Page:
DENVER — The Federal Aviation Administration is requiring United Airlines to conduct “immediate or stepped-up inspections” of Boeing 777 airplanes with the same type of engine that failed Saturday in Colorado.
According to The Associated Press, FAA Administrator Steve Dickson shared the news of the directive, which applies to planes “equipped with certain Pratt & Whitney PW4000 engines,” in a statement issued Sunday.
“This will likely mean that some airplanes will be removed from service,” the statement read, adding that officials “concluded that the inspection interval should be stepped up for the hollow fan blades that are unique to this model of engine, used solely on Boeing 777 airplanes.”
FAA experts are meeting with Pratt & Whitney and Boeing to finalize the details, according to the statement.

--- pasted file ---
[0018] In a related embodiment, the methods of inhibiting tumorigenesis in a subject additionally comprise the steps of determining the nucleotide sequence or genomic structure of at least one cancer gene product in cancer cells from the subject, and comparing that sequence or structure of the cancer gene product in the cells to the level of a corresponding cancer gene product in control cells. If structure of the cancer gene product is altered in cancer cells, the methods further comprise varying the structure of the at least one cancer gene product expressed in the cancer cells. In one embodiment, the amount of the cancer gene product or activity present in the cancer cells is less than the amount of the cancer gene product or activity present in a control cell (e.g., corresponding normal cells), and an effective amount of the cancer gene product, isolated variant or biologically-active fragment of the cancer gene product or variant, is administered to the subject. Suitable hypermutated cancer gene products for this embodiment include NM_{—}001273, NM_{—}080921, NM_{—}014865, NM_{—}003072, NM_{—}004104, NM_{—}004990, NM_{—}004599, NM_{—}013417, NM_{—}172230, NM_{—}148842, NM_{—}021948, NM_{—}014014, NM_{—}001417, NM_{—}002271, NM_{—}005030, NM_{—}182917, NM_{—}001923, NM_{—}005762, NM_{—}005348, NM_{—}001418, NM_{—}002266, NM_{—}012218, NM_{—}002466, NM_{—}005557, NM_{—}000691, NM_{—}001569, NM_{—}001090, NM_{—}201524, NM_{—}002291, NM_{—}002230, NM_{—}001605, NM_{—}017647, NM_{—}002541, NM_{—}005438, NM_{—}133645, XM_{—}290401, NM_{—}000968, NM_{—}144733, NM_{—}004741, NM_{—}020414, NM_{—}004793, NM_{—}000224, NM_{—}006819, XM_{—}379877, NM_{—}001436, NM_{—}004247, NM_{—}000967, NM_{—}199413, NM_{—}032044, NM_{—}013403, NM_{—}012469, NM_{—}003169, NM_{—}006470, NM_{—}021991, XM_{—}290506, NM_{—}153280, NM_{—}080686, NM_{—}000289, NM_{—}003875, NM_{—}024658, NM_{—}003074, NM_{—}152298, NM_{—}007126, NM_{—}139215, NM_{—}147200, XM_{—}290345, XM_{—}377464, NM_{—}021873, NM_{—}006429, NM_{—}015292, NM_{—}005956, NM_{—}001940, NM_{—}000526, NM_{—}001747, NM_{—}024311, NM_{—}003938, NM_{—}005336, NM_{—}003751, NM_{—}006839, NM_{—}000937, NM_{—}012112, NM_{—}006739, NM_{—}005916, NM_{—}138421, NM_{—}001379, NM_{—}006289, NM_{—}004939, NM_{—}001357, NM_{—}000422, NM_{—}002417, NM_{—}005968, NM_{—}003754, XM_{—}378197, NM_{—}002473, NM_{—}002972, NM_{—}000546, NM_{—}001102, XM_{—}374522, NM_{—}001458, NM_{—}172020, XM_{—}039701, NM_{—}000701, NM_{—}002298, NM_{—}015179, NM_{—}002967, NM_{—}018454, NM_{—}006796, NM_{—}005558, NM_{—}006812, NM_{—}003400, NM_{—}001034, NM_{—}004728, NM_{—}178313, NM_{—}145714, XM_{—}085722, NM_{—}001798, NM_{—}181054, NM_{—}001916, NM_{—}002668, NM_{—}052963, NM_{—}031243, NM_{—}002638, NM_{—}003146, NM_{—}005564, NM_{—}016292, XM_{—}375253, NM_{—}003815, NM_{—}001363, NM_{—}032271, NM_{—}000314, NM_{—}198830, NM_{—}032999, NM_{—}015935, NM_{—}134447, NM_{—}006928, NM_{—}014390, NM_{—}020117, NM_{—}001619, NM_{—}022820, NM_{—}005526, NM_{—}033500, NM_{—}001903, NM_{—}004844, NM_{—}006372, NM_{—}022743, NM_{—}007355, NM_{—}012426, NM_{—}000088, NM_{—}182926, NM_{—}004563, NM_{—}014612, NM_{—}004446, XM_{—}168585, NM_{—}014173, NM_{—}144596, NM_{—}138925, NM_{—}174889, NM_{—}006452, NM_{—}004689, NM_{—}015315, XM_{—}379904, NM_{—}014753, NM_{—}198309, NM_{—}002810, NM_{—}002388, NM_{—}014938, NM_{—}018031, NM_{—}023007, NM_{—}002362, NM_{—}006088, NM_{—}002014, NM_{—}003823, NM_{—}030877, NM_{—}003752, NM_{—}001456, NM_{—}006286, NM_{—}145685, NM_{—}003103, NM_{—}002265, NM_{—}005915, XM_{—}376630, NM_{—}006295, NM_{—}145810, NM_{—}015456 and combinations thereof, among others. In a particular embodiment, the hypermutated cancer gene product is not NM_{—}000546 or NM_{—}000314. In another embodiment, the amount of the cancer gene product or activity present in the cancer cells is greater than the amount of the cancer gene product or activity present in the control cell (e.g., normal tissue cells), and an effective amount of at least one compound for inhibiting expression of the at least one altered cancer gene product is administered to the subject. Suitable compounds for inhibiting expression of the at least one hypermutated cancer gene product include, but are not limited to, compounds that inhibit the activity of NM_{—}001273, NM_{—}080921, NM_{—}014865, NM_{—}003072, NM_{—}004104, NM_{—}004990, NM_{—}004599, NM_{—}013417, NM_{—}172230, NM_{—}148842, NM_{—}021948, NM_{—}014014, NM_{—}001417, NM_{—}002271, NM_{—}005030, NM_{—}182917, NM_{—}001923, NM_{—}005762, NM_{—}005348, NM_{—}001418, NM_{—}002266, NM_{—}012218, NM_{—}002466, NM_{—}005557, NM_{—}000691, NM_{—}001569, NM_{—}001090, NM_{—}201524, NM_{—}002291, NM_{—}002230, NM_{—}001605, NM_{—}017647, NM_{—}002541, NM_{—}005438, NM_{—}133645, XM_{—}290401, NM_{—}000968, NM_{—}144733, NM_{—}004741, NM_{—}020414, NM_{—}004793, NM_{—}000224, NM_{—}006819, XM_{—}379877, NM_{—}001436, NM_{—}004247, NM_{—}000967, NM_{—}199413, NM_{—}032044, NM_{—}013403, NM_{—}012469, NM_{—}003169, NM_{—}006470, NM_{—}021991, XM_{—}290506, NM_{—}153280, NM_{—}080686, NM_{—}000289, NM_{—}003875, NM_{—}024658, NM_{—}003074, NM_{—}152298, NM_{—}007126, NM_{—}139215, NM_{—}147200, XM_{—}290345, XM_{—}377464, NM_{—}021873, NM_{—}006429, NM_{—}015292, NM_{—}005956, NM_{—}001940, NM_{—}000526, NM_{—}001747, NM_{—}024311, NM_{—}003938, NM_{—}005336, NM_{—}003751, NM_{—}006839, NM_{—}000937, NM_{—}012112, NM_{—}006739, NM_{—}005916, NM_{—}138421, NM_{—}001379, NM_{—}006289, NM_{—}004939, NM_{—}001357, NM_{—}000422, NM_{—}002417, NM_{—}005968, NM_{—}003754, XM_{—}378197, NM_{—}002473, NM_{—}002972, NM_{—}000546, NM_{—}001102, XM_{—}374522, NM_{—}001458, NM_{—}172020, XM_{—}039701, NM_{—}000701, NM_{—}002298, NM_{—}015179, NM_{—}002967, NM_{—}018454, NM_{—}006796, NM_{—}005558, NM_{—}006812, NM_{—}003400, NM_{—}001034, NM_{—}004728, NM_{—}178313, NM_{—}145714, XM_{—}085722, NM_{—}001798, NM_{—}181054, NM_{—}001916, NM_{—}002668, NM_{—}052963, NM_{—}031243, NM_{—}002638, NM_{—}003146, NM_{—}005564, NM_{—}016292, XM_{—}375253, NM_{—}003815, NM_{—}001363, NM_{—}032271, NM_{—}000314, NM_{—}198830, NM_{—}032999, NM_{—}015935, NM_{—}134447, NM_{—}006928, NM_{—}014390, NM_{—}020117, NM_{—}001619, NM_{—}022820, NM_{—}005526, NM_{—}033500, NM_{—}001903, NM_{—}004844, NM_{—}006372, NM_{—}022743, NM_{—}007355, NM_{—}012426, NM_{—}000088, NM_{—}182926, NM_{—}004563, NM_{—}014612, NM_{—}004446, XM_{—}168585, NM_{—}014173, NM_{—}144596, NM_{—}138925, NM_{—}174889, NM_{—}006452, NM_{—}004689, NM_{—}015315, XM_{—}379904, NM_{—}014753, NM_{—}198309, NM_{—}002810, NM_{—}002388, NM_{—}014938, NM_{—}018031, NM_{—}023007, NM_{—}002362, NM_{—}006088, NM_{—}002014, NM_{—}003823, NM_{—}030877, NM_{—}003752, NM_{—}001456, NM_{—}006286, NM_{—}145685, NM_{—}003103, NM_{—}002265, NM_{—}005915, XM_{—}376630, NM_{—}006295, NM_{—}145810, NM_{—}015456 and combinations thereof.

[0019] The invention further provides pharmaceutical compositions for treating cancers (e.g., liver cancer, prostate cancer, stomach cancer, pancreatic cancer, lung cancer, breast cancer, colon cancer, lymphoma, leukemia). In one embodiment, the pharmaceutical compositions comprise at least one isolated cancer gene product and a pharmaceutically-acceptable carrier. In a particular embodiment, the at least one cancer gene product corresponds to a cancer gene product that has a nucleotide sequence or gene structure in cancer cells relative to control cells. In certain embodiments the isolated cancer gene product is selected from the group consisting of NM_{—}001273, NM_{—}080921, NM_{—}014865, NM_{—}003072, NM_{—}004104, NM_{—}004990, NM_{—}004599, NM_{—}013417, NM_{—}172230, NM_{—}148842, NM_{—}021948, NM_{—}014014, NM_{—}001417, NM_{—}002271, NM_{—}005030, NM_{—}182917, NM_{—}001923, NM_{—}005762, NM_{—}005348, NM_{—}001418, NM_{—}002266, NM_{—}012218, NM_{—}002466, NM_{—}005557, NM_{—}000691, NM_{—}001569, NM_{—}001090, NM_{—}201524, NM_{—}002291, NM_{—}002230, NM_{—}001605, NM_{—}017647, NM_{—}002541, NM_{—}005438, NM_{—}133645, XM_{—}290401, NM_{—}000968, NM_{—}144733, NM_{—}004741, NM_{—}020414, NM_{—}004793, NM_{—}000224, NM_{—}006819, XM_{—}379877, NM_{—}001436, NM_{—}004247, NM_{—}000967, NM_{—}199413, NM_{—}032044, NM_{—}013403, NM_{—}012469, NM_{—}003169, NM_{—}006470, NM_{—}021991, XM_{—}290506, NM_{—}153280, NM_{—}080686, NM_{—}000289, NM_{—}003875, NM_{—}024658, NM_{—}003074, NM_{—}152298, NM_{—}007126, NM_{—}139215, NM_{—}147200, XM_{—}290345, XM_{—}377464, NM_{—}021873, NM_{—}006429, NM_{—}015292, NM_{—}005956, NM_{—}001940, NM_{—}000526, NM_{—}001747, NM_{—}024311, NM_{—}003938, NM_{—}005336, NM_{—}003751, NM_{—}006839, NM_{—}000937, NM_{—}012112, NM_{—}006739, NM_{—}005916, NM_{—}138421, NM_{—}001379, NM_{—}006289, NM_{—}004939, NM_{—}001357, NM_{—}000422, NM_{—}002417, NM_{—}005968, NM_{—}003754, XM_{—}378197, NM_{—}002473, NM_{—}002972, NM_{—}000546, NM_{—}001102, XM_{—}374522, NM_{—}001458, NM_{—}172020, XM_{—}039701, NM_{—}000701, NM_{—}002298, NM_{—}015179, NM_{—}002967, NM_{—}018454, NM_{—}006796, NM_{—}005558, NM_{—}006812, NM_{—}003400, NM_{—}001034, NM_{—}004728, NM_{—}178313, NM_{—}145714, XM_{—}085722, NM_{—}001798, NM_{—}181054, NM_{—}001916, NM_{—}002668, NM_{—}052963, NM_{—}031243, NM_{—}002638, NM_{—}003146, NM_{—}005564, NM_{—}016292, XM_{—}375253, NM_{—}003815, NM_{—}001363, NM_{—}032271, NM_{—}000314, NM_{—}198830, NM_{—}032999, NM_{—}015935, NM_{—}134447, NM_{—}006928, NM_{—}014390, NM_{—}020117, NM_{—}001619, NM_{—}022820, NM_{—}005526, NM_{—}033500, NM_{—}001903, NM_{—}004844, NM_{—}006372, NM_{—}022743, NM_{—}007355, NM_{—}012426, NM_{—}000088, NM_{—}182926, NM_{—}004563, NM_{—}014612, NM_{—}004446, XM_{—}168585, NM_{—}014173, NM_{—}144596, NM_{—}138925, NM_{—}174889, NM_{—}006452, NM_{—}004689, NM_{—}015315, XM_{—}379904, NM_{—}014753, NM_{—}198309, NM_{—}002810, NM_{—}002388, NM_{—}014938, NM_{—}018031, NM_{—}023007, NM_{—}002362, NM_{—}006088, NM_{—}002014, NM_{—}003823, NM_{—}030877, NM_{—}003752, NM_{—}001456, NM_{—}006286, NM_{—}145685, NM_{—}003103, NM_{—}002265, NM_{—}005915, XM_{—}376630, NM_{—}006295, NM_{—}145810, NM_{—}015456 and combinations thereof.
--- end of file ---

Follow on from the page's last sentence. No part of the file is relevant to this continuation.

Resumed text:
Shortly after the announcement, United Airlines tweeted that it is “voluntarily & temporarily removing 24 Boeing 777 aircraft powered by Pratt & Whitney 4000 series engines from our schedule.”
Late Sunday, Pratt & Whitney also said it was meeting with regulators about the engines and “has dispatched a team to work with investigators.”
The news came the day after a catastrophic engine failure of United Airlines Flight 328 caused large pieces of debris to fall over suburban Denver, the AP reported. No injuries were reported in the incident, and the plane, which was carrying 241 people, landed safely in Denver.
– The Associated Press contributed to this report.